1. Pair macarons of similar size. Remove the ganache from the refrigerator. If you choose to pipe the ganache, transfer it to a resealable plastic bag and snip about a 1/2 inch off a bottom corner. Squeeze or scoop the ganache to about the size of a cherry (about 1 teaspoon) onto the center of a macaron half.Top with another half and press gently so that it looks like a mini hamburger. The filling should not ooze out the edges. Refrigerate, covered, at least 24 hours before serving.  Enjoy!!

Candied Pecans

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Warning:  these are dangerously addictive!  They’re sweet, crunchy and salty!  I love giving these out as gifts during holidays like Thanksgiving or Christmas.  Seal them tight in small jars, tie a cute polka dot ribbon around it and voila, you have a homemade sentiment to bring over to someone’s house.  Oh, and did I mention they’re super easy to make?  =)  Enjoy!!

Ingredients:

1 cup white sugar

1 egg white

1 teaspoon salt

1 tablespoon water

1 teaspoon ground cinnamon

1 pound pecan halves

Directions:

  1. Preheat oven to 250 degrees F (120 degrees C).
  2. Mix sugar, cinnamon, and salt together in a bowl.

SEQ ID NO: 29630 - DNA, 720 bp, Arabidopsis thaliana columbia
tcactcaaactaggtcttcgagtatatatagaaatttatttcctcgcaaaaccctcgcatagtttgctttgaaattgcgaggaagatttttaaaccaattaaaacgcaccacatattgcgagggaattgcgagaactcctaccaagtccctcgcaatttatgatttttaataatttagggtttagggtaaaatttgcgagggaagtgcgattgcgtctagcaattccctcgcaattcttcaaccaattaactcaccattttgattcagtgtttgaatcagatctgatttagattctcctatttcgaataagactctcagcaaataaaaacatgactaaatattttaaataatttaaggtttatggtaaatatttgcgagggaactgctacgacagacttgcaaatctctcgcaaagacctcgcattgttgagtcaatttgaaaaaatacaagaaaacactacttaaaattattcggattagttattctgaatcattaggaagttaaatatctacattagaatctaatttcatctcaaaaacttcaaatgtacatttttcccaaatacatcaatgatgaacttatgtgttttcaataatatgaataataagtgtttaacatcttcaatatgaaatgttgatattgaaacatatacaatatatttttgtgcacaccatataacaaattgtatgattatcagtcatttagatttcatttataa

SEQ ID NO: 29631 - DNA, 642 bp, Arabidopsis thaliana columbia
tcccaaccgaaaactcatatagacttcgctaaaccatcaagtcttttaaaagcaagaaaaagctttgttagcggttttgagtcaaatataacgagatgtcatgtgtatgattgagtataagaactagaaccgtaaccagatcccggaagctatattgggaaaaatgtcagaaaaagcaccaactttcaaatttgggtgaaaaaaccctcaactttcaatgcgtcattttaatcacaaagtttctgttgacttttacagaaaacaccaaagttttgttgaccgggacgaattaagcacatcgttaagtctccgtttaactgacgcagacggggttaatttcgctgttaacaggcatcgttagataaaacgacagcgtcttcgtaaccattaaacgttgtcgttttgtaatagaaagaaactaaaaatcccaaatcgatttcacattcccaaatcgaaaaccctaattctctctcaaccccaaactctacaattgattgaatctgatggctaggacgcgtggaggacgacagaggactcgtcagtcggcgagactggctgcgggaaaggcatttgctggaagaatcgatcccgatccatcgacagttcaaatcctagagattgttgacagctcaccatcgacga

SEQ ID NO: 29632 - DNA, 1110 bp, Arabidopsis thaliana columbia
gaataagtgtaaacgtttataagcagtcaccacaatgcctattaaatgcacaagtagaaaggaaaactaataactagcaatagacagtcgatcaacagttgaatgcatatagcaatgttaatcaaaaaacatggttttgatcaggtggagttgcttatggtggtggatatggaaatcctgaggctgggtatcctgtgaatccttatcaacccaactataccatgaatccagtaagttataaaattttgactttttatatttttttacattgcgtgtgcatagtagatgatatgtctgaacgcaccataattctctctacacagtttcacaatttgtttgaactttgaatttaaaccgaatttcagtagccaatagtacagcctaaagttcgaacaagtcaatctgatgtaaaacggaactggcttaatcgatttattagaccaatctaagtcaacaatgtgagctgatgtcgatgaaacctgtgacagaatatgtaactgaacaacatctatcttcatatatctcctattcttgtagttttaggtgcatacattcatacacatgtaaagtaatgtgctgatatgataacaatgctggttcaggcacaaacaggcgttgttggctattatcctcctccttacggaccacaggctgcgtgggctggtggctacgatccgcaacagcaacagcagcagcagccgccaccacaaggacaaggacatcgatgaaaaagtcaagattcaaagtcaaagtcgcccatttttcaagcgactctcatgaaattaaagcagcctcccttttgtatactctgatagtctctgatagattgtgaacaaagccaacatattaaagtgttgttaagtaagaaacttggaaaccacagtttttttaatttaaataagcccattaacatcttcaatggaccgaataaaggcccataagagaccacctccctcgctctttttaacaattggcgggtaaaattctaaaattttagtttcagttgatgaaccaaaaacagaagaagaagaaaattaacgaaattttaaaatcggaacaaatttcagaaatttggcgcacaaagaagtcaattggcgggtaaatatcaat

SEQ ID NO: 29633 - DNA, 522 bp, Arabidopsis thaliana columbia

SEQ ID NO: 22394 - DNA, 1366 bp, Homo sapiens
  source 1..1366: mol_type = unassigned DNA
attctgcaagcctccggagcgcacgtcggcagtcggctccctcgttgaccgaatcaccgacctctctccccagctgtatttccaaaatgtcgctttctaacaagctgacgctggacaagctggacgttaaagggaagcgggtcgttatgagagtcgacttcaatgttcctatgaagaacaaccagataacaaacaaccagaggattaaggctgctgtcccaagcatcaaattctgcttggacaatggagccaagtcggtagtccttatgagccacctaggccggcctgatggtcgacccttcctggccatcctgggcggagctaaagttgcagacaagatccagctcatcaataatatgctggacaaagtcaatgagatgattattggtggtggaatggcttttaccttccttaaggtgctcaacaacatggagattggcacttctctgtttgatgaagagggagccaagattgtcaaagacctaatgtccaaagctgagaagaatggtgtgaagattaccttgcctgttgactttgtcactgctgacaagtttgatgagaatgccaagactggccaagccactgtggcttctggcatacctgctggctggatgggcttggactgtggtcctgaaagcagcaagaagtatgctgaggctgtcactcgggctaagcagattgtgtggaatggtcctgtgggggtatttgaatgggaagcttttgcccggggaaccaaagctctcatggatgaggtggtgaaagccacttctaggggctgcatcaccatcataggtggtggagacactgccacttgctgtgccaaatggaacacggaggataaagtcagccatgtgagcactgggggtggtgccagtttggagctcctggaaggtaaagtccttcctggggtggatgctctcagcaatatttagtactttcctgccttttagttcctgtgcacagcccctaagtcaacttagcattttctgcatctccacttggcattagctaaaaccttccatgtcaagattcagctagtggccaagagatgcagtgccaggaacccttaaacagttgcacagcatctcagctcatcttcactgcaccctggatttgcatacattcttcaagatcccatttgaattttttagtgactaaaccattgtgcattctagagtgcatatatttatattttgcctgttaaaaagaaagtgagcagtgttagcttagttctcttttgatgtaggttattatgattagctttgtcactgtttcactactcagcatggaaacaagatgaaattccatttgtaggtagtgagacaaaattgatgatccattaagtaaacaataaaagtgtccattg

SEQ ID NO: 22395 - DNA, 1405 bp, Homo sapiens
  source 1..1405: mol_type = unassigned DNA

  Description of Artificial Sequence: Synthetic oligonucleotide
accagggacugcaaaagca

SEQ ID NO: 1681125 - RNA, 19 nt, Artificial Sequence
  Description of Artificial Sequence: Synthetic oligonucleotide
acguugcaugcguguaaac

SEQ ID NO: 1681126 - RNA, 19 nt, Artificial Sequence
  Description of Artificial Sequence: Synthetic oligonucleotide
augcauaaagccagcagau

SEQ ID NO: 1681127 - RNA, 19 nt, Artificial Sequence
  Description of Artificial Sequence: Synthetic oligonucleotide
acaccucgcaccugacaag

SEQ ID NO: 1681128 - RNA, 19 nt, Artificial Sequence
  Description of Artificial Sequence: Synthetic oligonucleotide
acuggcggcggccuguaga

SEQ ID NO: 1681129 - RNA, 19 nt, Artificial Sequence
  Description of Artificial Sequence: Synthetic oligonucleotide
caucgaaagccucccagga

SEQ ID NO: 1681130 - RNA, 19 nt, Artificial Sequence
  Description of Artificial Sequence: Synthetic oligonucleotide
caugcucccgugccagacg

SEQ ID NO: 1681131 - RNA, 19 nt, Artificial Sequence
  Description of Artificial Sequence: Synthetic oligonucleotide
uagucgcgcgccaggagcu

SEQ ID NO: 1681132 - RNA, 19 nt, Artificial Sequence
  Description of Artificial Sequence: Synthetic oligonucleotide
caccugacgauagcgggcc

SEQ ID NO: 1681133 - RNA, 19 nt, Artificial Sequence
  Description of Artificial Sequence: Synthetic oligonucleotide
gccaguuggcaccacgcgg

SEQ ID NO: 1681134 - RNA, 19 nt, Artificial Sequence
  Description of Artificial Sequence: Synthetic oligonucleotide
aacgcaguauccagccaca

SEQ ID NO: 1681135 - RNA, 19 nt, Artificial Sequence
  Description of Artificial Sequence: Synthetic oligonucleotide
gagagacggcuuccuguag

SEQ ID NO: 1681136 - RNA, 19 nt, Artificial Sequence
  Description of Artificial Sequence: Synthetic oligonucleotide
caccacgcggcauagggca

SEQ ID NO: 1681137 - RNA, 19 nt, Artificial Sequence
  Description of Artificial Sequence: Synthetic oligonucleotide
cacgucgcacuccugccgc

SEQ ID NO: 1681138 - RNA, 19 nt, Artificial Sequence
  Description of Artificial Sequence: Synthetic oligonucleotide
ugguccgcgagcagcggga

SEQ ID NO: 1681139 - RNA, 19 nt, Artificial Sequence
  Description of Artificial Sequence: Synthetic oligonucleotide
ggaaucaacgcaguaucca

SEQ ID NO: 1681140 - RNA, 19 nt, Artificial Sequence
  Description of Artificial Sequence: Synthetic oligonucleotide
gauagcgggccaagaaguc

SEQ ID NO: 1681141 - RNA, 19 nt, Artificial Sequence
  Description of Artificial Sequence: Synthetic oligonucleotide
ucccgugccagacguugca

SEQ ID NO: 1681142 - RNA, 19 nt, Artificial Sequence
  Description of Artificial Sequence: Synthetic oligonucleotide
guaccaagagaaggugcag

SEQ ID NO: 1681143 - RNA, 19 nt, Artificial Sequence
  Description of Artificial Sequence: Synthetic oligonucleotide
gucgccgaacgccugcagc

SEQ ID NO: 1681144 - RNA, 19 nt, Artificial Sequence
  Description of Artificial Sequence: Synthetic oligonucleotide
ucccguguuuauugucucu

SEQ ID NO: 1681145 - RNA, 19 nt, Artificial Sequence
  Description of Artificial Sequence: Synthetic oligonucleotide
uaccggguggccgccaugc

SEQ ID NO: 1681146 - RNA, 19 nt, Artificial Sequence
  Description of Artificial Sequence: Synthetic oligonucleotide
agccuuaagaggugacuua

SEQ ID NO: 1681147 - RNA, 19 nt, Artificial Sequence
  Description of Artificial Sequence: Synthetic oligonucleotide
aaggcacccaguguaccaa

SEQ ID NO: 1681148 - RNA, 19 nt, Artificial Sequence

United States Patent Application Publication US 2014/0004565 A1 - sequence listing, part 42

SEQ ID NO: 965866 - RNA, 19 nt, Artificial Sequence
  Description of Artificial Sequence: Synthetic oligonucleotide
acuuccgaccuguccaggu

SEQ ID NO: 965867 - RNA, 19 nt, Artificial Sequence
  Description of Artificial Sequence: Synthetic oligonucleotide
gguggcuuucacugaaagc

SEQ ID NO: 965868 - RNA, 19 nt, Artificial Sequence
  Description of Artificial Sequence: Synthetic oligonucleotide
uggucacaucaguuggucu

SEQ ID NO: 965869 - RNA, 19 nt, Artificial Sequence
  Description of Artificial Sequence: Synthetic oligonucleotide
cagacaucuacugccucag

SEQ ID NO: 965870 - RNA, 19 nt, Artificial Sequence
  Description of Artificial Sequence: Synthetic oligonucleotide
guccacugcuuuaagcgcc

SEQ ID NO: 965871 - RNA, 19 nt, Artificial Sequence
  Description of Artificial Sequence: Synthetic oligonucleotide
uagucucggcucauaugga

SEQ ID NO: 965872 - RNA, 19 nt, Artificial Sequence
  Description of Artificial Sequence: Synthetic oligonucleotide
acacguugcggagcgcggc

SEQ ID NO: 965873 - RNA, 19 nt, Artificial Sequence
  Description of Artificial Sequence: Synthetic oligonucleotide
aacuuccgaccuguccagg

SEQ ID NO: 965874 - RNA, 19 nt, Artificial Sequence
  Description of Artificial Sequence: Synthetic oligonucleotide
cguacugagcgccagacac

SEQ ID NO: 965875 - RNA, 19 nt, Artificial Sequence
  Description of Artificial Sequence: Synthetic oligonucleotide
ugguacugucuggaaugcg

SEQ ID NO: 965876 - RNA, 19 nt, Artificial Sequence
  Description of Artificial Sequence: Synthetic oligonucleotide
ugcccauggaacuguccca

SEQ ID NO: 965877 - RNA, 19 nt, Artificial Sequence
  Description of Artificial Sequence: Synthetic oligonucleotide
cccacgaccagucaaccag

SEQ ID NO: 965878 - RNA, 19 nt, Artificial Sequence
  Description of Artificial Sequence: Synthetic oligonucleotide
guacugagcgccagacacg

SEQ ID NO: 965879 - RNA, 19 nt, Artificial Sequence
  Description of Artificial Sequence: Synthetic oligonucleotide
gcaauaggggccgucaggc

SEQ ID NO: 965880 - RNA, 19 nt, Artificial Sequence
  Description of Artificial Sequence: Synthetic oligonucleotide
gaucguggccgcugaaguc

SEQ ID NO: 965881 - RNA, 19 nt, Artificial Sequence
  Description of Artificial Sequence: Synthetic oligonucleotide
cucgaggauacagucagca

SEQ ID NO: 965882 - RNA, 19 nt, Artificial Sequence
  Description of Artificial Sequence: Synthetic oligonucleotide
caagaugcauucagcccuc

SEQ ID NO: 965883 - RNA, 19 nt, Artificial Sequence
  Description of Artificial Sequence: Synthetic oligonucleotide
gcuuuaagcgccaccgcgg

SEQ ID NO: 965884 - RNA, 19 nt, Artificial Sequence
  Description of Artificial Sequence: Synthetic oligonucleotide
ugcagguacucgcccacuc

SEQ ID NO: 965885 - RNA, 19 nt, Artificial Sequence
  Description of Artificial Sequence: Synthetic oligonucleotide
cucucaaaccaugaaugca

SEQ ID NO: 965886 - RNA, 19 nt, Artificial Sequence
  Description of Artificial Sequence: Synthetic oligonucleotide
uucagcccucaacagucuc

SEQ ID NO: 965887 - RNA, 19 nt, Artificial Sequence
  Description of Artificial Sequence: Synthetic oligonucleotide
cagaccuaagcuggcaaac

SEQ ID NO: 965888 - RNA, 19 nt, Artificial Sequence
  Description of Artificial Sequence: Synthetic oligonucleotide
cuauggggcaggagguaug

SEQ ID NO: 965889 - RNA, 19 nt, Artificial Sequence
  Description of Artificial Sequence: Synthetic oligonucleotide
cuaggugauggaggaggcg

3. Whisk egg white and water together in a separate bowl until frothy. Toss pecans in the egg white mixture. Mix sugar mixture into pecan mixture until pecans are evenly coated. Spread coated pecans onto a baking sheet.
  4. Bake in the preheated oven, stirring every 15 minutes, until pecans are evenly browned, 1 hour.

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Reference / Credit

Chocolate Truffles

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I was running dangerously low on my chocolate stash that I brought back from Belgium so I did the next best thing – I made chocolate truffles!  It really isn’t as hard to make as long as you keep everything nice and organized in the kitchen.   I followed this chocolate truffle recipe which yielded about 50.  Trust me, that isn’t nearly enough to supply my chocoholic friends and family, let alone myself – so feel free to double up the recipe on my behalf.   Enjoy!